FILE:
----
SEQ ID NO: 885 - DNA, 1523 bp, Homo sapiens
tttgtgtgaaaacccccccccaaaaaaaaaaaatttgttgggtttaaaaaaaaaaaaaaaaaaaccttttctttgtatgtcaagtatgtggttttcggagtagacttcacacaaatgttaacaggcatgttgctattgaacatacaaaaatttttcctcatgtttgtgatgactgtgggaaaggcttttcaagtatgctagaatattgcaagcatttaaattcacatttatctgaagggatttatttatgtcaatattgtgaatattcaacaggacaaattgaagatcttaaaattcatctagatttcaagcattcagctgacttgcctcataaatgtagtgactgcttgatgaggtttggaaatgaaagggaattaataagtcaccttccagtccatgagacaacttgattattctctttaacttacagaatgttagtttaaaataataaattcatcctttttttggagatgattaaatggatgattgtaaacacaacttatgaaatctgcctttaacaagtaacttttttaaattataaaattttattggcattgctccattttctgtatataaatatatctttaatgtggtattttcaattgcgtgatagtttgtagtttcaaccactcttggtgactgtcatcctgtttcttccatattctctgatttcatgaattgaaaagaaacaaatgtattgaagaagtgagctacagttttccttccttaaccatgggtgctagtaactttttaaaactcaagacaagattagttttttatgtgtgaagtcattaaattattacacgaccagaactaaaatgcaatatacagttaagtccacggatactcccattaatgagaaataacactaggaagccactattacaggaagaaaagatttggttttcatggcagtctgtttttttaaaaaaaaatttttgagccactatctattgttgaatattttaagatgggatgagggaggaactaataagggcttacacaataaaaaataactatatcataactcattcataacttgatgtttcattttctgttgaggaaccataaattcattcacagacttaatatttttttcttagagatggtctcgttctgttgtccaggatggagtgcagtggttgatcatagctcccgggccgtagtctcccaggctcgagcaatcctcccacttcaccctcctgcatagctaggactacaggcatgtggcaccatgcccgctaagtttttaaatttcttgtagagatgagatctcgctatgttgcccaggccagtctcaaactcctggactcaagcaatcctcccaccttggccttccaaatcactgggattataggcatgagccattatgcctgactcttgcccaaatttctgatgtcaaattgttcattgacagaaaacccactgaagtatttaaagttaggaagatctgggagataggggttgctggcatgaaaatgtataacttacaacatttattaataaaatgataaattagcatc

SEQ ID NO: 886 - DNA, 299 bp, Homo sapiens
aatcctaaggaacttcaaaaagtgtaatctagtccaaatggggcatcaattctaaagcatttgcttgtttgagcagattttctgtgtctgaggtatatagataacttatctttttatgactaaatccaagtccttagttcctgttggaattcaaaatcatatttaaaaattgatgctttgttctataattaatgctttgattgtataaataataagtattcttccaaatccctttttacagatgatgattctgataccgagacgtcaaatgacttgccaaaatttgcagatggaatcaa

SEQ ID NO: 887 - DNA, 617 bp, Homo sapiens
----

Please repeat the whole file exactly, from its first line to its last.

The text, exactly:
SEQ ID NO: 885 - DNA, 1523 bp, Homo sapiens
tttgtgtgaaaacccccccccaaaaaaaaaaaatttgttgggtttaaaaaaaaaaaaaaaaaaaccttttctttgtatgtcaagtatgtggttttcggagtagacttcacacaaatgttaacaggcatgttgctattgaacatacaaaaatttttcctcatgtttgtgatgactgtgggaaaggcttttcaagtatgctagaatattgcaagcatttaaattcacatttatctgaagggatttatttatgtcaatattgtgaatattcaacaggacaaattgaagatcttaaaattcatctagatttcaagcattcagctgacttgcctcataaatgtagtgactgcttgatgaggtttggaaatgaaagggaattaataagtcaccttccagtccatgagacaacttgattattctctttaacttacagaatgttagtttaaaataataaattcatcctttttttggagatgattaaatggatgattgtaaacacaacttatgaaatctgcctttaacaagtaacttttttaaattataaaattttattggcattgctccattttctgtatataaatatatctttaatgtggtattttcaattgcgtgatagtttgtagtttcaaccactcttggtgactgtcatcctgtttcttccatattctctgatttcatgaattgaaaagaaacaaatgtattgaagaagtgagctacagttttccttccttaaccatgggtgctagtaactttttaaaactcaagacaagattagttttttatgtgtgaagtcattaaattattacacgaccagaactaaaatgcaatatacagttaagtccacggatactcccattaatgagaaataacactaggaagccactattacaggaagaaaagatttggttttcatggcagtctgtttttttaaaaaaaaatttttgagccactatctattgttgaatattttaagatgggatgagggaggaactaataagggcttacacaataaaaaataactatatcataactcattcataacttgatgtttcattttctgttgaggaaccataaattcattcacagacttaatatttttttcttagagatggtctcgttctgttgtccaggatggagtgcagtggttgatcatagctcccgggccgtagtctcccaggctcgagcaatcctcccacttcaccctcctgcatagctaggactacaggcatgtggcaccatgcccgctaagtttttaaatttcttgtagagatgagatctcgctatgttgcccaggccagtctcaaactcctggactcaagcaatcctcccaccttggccttccaaatcactgggattataggcatgagccattatgcctgactcttgcccaaatttctgatgtcaaattgttcattgacagaaaacccactgaagtatttaaagttaggaagatctgggagataggggttgctggcatgaaaatgtataacttacaacatttattaataaaatgataaattagcatc

SEQ ID NO: 886 - DNA, 299 bp, Homo sapiens
aatcctaaggaacttcaaaaagtgtaatctagtccaaatggggcatcaattctaaagcatttgcttgtttgagcagattttctgtgtctgaggtatatagataacttatctttttatgactaaatccaagtccttagttcctgttggaattcaaaatcatatttaaaaattgatgctttgttctataattaatgctttgattgtataaataataagtattcttccaaatccctttttacagatgatgattctgataccgagacgtcaaatgacttgccaaaatttgcagatggaatcaa

SEQ ID NO: 887 - DNA, 617 bp, Homo sapiens